The Latest: Lawyers bemoan access to Texas immigrant lockup
LOS ANGELES (AP) — The Latest on immigrant parents and children separated at the U.S. border (all times local):
Lawyers who visited a federal immigration detention lockup in rural Texas where the U.S. government says it is establishing a family reunification center say no information about the detainees is being released.
Attorneys from the Legal Aid Justice Center in Virginia said on a conference call Tuesday that they need to have names, federal alien identification numbers or case numbers to access the facility at Port Isabel, near Los Fresnos.
They can only take a pen and paper when they meet detainees, who are all adults.
The lawyers have spoken to about 200 detainees since last week and only a handful knew where their children were being held. Detainees report that a 1-800 number for information about separated children doesn’t work.
The lawyers say detainees are segregated by country of origin. Many hail from Honduras, El Salvador and Guatemala.
A conservative suburb of Austin, Texas, is ending a contract with a 500-bed immigration detention center that has been a target of lawsuits and criminal investigations for a decade.
Commissioners in Williamson County voted 4-1 on Tuesday to sever ties with the T. Don Hutto Residential Center starting in 2019. The facility houses women and is overseen by U.S. Immigration and Customs Enforcement.
The canceled contract comes amid uproar over the Trump administration’s zero-tolerance immigration policy and families that were split up by the government.
The facility opened in 2006 after being converted from a medium-security prison. It originally held women and children until 2009, when the U.S. government settled a lawsuit over how children were being confined.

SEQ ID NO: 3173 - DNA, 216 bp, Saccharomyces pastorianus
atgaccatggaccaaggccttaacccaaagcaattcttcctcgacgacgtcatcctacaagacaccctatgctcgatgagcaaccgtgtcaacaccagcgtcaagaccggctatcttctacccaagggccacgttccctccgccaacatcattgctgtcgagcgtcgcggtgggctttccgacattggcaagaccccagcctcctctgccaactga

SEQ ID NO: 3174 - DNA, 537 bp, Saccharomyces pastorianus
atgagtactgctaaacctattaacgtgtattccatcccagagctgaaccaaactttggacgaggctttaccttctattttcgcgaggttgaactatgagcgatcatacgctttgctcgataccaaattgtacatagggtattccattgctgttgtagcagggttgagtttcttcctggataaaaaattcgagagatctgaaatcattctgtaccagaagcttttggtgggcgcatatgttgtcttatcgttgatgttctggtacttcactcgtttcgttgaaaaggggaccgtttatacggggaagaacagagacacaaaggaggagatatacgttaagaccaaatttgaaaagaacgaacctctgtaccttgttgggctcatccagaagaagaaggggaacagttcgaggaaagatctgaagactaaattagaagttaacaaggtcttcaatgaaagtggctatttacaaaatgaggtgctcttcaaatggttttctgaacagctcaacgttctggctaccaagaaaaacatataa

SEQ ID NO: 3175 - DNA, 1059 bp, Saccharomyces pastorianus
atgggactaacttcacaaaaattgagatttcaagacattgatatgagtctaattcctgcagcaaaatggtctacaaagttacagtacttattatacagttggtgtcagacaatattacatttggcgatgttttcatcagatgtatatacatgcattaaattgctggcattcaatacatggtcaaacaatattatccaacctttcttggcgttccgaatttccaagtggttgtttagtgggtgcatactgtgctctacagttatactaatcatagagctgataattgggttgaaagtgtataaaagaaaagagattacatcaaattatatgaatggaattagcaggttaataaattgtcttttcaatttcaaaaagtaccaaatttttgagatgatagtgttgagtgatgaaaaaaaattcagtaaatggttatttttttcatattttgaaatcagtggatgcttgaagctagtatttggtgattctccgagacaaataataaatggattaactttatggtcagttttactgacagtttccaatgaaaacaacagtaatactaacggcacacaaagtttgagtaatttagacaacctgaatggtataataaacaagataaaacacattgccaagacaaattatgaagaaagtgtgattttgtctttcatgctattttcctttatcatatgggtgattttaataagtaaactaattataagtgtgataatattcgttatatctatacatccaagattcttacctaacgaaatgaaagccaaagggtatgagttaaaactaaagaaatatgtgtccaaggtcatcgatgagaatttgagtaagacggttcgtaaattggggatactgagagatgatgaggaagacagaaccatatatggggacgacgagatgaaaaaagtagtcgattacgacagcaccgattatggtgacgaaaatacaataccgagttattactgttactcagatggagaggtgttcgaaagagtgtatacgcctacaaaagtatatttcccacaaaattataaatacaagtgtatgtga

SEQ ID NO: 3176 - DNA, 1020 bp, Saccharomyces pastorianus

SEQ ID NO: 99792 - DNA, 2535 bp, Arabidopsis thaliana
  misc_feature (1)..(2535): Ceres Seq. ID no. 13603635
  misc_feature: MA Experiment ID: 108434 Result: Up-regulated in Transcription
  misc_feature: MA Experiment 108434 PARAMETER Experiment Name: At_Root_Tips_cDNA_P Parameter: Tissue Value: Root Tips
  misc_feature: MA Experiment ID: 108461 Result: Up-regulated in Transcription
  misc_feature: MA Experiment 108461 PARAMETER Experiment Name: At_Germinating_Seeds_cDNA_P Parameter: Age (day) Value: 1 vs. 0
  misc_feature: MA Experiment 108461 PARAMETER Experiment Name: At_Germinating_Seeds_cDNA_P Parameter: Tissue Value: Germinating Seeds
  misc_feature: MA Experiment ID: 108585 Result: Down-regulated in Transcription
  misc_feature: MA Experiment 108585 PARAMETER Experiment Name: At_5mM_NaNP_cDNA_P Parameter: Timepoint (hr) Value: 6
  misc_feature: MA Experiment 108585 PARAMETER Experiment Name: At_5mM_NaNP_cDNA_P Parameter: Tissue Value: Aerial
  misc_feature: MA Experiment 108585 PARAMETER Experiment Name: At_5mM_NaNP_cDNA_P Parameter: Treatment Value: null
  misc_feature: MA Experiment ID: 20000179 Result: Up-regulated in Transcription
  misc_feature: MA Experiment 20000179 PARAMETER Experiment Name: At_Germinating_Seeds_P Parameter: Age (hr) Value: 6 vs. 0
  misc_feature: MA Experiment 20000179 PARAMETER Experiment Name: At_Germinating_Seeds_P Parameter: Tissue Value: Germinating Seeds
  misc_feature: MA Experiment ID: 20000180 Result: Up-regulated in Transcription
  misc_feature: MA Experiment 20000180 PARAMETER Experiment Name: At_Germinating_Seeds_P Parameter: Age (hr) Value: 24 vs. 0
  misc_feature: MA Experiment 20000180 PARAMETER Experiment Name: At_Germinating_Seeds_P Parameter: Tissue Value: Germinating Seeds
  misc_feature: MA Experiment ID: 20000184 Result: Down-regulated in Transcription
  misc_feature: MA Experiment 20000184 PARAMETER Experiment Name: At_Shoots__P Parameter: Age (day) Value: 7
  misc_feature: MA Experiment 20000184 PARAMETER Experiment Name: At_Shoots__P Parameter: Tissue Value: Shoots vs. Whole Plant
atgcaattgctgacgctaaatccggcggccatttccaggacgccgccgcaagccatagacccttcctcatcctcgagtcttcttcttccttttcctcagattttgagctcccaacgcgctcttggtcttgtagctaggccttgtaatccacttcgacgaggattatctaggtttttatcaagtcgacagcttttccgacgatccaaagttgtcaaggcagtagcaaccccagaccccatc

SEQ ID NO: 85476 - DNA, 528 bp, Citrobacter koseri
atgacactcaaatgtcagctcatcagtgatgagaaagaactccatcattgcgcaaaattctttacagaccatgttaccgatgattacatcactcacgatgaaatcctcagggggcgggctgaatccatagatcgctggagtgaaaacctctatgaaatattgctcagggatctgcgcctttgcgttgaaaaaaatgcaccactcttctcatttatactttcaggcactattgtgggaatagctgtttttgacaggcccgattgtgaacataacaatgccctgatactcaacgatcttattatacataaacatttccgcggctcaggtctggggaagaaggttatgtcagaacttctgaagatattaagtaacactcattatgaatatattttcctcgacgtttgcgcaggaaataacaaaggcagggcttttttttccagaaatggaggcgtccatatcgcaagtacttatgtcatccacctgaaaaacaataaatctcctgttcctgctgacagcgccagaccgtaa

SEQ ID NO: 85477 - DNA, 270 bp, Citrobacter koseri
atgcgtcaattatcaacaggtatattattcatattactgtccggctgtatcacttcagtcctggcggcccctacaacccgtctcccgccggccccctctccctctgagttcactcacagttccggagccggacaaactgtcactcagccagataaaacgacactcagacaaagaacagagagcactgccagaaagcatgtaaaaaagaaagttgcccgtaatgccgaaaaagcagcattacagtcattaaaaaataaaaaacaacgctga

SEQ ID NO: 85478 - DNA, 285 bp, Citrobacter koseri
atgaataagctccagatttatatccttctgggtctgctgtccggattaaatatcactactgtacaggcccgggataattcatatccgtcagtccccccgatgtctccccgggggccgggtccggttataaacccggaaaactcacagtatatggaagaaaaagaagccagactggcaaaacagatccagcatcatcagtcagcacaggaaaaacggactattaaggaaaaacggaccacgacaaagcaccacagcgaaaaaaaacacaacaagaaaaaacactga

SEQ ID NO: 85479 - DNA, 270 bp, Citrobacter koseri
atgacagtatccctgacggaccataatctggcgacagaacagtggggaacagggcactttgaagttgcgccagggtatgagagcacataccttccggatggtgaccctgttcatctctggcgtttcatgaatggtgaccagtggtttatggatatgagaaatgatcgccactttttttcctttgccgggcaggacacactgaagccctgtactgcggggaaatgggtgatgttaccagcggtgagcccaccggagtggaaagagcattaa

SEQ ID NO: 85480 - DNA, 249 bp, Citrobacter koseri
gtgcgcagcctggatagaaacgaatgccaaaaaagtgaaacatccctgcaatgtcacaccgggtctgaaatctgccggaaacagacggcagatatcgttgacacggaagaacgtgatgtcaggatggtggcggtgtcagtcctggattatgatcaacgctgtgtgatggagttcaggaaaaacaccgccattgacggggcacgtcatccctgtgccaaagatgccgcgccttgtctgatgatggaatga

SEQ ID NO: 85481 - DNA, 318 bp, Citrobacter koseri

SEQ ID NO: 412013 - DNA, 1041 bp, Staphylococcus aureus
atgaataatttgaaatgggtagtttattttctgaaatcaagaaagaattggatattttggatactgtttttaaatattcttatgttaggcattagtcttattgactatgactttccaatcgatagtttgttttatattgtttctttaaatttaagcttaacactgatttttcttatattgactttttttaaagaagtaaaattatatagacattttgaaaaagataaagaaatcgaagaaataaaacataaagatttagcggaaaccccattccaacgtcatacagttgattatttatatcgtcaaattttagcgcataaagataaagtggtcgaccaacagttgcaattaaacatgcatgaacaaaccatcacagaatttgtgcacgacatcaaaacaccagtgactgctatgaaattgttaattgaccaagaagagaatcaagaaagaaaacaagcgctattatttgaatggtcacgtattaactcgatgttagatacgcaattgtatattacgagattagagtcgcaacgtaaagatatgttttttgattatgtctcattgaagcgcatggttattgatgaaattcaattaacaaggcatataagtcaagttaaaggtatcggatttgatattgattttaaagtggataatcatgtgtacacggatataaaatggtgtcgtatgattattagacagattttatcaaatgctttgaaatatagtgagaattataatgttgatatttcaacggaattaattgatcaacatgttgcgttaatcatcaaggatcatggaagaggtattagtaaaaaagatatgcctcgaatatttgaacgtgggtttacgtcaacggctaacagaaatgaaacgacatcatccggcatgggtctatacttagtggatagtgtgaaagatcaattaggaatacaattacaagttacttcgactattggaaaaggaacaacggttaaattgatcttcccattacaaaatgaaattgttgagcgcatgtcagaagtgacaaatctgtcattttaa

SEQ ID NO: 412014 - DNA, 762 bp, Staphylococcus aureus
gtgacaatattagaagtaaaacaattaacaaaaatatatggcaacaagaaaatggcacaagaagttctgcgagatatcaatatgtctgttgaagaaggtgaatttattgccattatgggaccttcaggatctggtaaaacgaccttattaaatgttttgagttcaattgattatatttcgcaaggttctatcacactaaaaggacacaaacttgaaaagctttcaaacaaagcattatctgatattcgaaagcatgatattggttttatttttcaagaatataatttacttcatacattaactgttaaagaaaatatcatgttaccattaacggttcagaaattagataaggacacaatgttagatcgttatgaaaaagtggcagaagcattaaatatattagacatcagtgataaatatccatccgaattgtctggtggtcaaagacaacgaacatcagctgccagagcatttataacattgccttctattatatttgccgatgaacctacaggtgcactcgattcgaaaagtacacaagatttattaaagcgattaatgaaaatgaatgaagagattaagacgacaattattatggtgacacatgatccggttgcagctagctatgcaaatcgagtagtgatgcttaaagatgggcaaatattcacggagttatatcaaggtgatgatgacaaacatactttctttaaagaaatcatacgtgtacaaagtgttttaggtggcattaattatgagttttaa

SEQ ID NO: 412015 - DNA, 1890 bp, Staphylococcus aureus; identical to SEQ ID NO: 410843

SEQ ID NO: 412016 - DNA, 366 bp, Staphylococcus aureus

Advocates say problems inside the facility have persisted. It is privately run by CoreCivic, which was formerly known as Corrections Corporation of America.
Dozens of protesters have gathered outside the US attorney’s office in Los Angeles to protest the Trump administration’s immigration policies.
Tuesday’s protest outside the federal courthouse in downtown Los Angeles comes hours before U.S. Attorney General Jeff Sessions is expected to address the conservative Criminal Justice Legal Foundation’s annual meeting.
Protesters are chanting: “Sessions, where’s your heart?”
Protesters also are carrying signs reading: “Free the children!” and “stop caging families.”
A man wearing a Donald Trump mask has a sign reading: “Know your enemy.”
A handful of Los Angeles police officers are standing to the side of the protest.
Immigrant rights advocates are asking a judge to order the release of immigrant parents separated from their children at the U.S. border and their reunification.
Attorneys on Monday asked the federal court in Los Angeles that is overseeing a longstanding settlement governing detention conditions for immigrant children to include their parents as plaintiffs.
The complaint filed by pro bono law firm Public Counsel on behalf of three Central American mothers whose children were taken from them by U.S. authorities in May argues that families need to heal from the trauma of forced separation together and outside the confines of detention.
Attorneys say the mothers are fleeing persecution and seeking asylum in the United States.
The Department of Justice declined comment.
The Trump administration has asked the court to let authorities detain families together during immigration proceedings to try to discourage illegal immigration.
The image of an immigrant child clinging to her mother has been removed from a mural near the Brown v. Board of Education National Historic site in Kansas.
The Kansas City Star reports that the image was painted over Monday.
The 130- by 30-foot (40- by 9-meter) mural tells the story of the U.S. Supreme Court ruling that ended segregated education and faces a former all-black school in Topeka where the lead plaintiff’s child was a student.
Artist bj McBride says she added the mother and child to the mural Friday following reports of the separation of parents and children at the U.S. border. She later decided it was “distracting.”
Sarah Fizell, executive director of the nonprofit ArtsConnect behind the mural, says the image didn’t fit with the mural’s story.